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Angels in our Laps

by Joan Wester Anderson
used by permission

The trip had started out like hundreds of others. Lorie Torbeck, of Appleton,
Wisconsin-with the help of her teenage daughter, Eryn—-had buckled the seven
children who attended Lorie’s home day care into their seats in Lorie’s big
Chevy Suburban, in preparation for a quick trip to the high school. “Eryn
was a cheerleader, and it was yearbook picture day for the team,” Lorie
says. “The kids and I had made this quick trip dozens of times.” Now,
as they were driving along a narrow stretch of highway, a white panel truck
came toward them. Lorie moved over a few inches, onto the shoulder, to give
the truck ample room to pass. But as she tried to return to the highway, her
tires became stuck in what was a six-inch drop from the concrete to the gravel
shoulder. The vehicle began to fishtail.. “Hold on!” Eryn screamed.
The van rolled over.

“Dear God, not now–the children are with me!” Lorie remembers her
silent plea, as the van rolled a second time. Immediately she heard a voice
saying, “Don’t be frightened. God is with you and you will all be all right.”
She also had a vision of angels sitting on the children’s laps, wrapping their
arms around each little one. “An overwhelming sense of peace came over
me,” Lorie says,and she was able to relax even as the truck became airborne
and flipped twice more, then came to a rest upright on a grassy incline.

The sudden silence was horrifying. Lorie had heard the children screaming as
they rolled, but now all was silent. She was afraid to turn around and look,
and instead fumbled for her cellphone. Where was it? Suddenly everyone was crying
again. Cars above them were stopping, and someone waved his cellphone. “Call
an ambulance!” Lorie yelled to him, then turned to help the children. Amazingly,
everyone was alive, and she flew into action, pulling back two of the boys who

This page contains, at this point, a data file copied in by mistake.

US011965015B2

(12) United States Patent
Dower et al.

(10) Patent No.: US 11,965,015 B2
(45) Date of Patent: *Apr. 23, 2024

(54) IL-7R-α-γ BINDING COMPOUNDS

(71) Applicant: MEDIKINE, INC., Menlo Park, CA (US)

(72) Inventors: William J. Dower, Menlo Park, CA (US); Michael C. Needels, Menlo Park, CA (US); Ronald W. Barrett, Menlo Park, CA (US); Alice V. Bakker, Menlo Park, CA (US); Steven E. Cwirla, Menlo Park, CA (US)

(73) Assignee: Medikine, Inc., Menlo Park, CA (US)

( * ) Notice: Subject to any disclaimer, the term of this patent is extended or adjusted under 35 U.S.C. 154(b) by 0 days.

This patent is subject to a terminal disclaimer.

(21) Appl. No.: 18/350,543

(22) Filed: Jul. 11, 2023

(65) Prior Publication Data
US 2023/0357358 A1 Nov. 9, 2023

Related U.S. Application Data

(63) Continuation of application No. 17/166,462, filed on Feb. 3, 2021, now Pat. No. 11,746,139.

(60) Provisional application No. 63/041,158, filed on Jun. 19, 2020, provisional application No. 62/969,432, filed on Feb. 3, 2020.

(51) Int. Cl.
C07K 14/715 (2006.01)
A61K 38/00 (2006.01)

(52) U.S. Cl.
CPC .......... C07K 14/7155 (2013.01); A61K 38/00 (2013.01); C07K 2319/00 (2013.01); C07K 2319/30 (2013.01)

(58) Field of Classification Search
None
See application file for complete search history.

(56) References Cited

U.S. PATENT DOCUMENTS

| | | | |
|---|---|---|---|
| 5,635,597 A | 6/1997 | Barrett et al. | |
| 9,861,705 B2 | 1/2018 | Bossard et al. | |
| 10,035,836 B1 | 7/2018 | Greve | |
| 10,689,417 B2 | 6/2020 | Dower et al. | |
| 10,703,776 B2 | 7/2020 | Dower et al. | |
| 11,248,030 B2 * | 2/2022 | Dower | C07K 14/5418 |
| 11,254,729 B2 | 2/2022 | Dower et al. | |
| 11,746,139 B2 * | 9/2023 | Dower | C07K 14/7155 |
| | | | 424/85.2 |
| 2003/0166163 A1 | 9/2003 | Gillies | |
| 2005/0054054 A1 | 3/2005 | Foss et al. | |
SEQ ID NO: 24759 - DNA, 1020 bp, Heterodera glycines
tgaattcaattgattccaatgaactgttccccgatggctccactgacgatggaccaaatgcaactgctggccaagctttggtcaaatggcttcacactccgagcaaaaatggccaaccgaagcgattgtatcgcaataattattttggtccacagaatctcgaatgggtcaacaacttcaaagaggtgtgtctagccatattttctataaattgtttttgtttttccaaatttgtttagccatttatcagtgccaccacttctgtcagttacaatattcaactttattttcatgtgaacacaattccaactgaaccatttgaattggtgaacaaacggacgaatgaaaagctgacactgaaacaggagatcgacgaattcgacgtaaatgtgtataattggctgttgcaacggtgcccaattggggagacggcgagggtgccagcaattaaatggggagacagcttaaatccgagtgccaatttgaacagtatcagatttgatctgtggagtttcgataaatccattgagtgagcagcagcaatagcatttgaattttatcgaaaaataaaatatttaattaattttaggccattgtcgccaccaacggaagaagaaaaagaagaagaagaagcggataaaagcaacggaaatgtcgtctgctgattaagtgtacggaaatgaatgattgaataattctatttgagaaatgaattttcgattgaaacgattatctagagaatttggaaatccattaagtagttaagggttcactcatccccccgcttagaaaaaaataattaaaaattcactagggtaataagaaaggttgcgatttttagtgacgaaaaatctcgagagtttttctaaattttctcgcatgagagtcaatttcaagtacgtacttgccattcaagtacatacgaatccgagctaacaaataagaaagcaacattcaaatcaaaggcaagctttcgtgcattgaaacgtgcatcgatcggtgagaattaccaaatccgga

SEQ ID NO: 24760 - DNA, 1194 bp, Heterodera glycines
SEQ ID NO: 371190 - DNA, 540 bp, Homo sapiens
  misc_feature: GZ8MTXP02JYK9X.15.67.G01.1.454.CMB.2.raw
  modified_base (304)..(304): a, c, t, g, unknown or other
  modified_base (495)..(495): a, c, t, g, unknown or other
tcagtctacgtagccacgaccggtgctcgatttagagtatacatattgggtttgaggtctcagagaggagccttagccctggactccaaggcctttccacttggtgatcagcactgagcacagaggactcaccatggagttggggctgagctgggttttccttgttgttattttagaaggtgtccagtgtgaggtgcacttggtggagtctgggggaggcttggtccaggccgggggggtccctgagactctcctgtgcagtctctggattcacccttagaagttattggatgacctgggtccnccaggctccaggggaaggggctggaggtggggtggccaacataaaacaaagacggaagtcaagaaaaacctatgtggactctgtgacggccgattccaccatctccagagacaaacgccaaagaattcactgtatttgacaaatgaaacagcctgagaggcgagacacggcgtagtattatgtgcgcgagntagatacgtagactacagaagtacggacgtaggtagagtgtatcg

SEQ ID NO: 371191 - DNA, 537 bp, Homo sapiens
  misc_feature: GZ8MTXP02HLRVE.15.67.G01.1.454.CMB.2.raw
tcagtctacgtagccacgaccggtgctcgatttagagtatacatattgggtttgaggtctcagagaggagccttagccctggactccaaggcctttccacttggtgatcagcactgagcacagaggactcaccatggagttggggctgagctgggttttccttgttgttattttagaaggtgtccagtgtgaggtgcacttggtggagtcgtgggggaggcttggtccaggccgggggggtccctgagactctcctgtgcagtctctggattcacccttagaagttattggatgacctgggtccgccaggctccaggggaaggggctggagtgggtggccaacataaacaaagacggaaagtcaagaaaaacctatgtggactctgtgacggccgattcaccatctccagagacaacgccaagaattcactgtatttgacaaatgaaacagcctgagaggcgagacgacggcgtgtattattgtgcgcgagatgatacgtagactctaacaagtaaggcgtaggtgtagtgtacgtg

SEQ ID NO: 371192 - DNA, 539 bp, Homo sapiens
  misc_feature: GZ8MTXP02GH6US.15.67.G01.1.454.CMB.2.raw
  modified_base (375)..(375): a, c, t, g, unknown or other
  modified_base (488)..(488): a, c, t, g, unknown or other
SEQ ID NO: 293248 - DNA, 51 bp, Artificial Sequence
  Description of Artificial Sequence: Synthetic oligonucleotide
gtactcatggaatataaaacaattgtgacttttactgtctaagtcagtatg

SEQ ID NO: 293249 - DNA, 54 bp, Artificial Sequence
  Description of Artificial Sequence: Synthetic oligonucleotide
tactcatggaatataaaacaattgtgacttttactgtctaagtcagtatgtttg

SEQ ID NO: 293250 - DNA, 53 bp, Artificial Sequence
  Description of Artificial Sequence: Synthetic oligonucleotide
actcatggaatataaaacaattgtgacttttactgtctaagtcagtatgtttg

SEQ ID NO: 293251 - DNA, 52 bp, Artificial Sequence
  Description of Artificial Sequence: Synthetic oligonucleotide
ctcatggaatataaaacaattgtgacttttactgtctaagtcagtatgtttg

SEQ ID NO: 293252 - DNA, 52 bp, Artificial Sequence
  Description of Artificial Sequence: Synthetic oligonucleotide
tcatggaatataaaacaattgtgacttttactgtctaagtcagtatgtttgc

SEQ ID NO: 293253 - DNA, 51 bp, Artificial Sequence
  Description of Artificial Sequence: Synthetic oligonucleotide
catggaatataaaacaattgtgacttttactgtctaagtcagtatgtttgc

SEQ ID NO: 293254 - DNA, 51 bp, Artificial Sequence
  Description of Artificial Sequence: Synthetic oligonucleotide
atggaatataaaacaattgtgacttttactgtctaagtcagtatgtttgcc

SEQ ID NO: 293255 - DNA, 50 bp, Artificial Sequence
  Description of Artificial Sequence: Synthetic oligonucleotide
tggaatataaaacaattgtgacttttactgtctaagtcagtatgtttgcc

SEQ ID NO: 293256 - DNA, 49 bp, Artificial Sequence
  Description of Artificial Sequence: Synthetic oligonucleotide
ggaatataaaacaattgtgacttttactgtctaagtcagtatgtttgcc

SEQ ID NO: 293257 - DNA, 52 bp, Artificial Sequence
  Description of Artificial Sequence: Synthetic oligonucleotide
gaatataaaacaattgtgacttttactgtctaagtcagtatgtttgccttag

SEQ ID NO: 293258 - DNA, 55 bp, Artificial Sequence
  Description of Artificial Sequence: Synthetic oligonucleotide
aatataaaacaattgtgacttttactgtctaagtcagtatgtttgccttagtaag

were attempting to scramble through the broken windows, then passing four of
the preschoolers through to bystanders who had come to help. Eryn unbuckled
Makayla, the screaming baby, from her carseat—she had probably saved Makayla
from serious injury by wrapping herself around the baby as the van rolled. As
the second-to-last child was removed, it suddenly occurred to Lorie that the
van might roll again! And three-year-old Cody was still inside, too far for
her to reach him! “But the people would not
let me crawl back to reach him,” Lorie recalls. “I had to wait until
the police arrived, and they got him out.”

Wearily, Lorie climbed the hill. Good Samaritans had, by now, set all the children
on a blanket, and were keeping them comforted and safe. Lorie did a quick exam,
and discovered that four had escaped all injuries except bruising from their
seatbelts. The other three had glasscuts on their arms (they eventually received
stitches) but nothing more serious. As the ambulances arrived, she was able
to examine herself, and realized that she had severed an artery in her head,
causing her to be covered in blood, as well as a broken vertebra. Her ponytail
had been completely torn from her head, and was found later in the grass. “The
first policeman told me later that when he arrived on the scene and saw the
damage to my truck, he expected to be pulling bodies out of it,” Lorie
says. “No one could believe that none of the passengers was seriously injured.”
Later, Lorie discovered that an aunt of hers who lived seventy miles away had
been moved to get down on her knees and pray
for a relative who was traveling. The feeling came upon her at 3:30 pm, the
exact time Lorie’s truck began to roll.

It was a miracle. It had to be. But a few days later, Lorie recognized its
full extent. One of the boys had an announcement to make. “There were angels
in our laps in the truck that day,” he told Lorie matter-of-factly, then
ran off to play. Before she could react, another child told her the same thing.
Lorie remembered her vision—an angel in each child’s lap, shielding and protecting
each little body—and the calm voice which assured her that everyone would
survive the accident. She had not mentioned this experience to anyone except
Eryn, and yet the children knew. She gives thanks each day for this gift.

Copyrighted 2005 by Joan W. Anderson.

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